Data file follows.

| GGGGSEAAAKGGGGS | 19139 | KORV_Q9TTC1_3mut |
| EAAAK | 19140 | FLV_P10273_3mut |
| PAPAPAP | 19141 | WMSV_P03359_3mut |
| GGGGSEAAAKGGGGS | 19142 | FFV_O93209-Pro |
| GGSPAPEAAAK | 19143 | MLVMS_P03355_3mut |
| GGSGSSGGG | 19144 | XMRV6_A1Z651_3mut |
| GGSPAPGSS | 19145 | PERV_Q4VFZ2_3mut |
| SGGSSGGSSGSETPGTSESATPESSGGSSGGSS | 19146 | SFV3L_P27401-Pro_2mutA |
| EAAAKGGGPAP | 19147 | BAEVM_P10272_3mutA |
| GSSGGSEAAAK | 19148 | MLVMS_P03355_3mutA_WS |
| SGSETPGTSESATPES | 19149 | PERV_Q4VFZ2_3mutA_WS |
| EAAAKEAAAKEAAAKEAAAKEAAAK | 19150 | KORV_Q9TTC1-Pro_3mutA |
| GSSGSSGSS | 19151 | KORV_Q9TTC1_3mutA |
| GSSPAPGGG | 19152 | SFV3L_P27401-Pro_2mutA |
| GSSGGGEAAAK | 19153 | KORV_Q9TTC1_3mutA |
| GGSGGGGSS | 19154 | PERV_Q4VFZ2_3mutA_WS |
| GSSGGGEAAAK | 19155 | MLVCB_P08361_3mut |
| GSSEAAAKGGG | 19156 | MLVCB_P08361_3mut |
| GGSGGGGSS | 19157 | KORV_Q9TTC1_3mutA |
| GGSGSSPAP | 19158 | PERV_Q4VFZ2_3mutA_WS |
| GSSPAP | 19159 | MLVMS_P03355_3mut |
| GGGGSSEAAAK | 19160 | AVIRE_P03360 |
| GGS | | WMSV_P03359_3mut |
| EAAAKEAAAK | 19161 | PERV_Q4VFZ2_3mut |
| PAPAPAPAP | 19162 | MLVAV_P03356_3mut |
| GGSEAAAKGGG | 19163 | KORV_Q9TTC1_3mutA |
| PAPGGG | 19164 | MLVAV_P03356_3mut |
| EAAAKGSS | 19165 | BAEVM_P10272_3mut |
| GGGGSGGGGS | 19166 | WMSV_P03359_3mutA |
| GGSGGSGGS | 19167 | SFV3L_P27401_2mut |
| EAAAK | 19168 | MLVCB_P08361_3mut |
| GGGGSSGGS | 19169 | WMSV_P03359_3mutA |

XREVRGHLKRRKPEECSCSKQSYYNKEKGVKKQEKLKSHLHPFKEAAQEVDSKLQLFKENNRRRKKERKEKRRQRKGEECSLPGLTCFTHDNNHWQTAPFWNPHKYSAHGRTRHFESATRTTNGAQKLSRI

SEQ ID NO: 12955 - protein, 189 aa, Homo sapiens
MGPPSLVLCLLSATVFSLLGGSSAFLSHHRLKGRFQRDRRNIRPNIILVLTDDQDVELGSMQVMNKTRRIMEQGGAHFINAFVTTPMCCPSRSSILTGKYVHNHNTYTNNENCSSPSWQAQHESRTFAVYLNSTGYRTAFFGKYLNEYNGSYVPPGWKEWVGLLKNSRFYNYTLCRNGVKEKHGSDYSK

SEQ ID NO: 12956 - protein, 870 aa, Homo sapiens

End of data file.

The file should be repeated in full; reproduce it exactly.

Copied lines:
| GGGGSEAAAKGGGGS | 19139 | KORV_Q9TTC1_3mut |
| EAAAK | 19140 | FLV_P10273_3mut |
| PAPAPAP | 19141 | WMSV_P03359_3mut |
| GGGGSEAAAKGGGGS | 19142 | FFV_O93209-Pro |
| GGSPAPEAAAK | 19143 | MLVMS_P03355_3mut |
| GGSGSSGGG | 19144 | XMRV6_A1Z651_3mut |
| GGSPAPGSS | 19145 | PERV_Q4VFZ2_3mut |
| SGGSSGGSSGSETPGTSESATPESSGGSSGGSS | 19146 | SFV3L_P27401-Pro_2mutA |
| EAAAKGGGPAP | 19147 | BAEVM_P10272_3mutA |
| GSSGGSEAAAK | 19148 | MLVMS_P03355_3mutA_WS |
| SGSETPGTSESATPES | 19149 | PERV_Q4VFZ2_3mutA_WS |
| EAAAKEAAAKEAAAKEAAAKEAAAK | 19150 | KORV_Q9TTC1-Pro_3mutA |
| GSSGSSGSS | 19151 | KORV_Q9TTC1_3mutA |
| GSSPAPGGG | 19152 | SFV3L_P27401-Pro_2mutA |
| GSSGGGEAAAK | 19153 | KORV_Q9TTC1_3mutA |
| GGSGGGGSS | 19154 | PERV_Q4VFZ2_3mutA_WS |
| GSSGGGEAAAK | 19155 | MLVCB_P08361_3mut |
| GSSEAAAKGGG | 19156 | MLVCB_P08361_3mut |
| GGSGGGGSS | 19157 | KORV_Q9TTC1_3mutA |
| GGSGSSPAP | 19158 | PERV_Q4VFZ2_3mutA_WS |
| GSSPAP | 19159 | MLVMS_P03355_3mut |
| GGGGSSEAAAK | 19160 | AVIRE_P03360 |
| GGS | | WMSV_P03359_3mut |
| EAAAKEAAAK | 19161 | PERV_Q4VFZ2_3mut |
| PAPAPAPAP | 19162 | MLVAV_P03356_3mut |
| GGSEAAAKGGG | 19163 | KORV_Q9TTC1_3mutA |
| PAPGGG | 19164 | MLVAV_P03356_3mut |
| EAAAKGSS | 19165 | BAEVM_P10272_3mut |
| GGGGSGGGGS | 19166 | WMSV_P03359_3mutA |
| GGSGGSGGS | 19167 | SFV3L_P27401_2mut |
| EAAAK | 19168 | MLVCB_P08361_3mut |
| GGGGSSGGS | 19169 | WMSV_P03359_3mutA |

XREVRGHLKRRKPEECSCSKQSYYNKEKGVKKQEKLKSHLHPFKEAAQEVDSKLQLFKENNRRRKKERKEKRRQRKGEECSLPGLTCFTHDNNHWQTAPFWNPHKYSAHGRTRHFESATRTTNGAQKLSRI

SEQ ID NO: 12955 - protein, 189 aa, Homo sapiens
MGPPSLVLCLLSATVFSLLGGSSAFLSHHRLKGRFQRDRRNIRPNIILVLTDDQDVELGSMQVMNKTRRIMEQGGAHFINAFVTTPMCCPSRSSILTGKYVHNHNTYTNNENCSSPSWQAQHESRTFAVYLNSTGYRTAFFGKYLNEYNGSYVPPGWKEWVGLLKNSRFYNYTLCRNGVKEKHGSDYSK

SEQ ID NO: 12956 - protein, 870 aa, Homo sapiens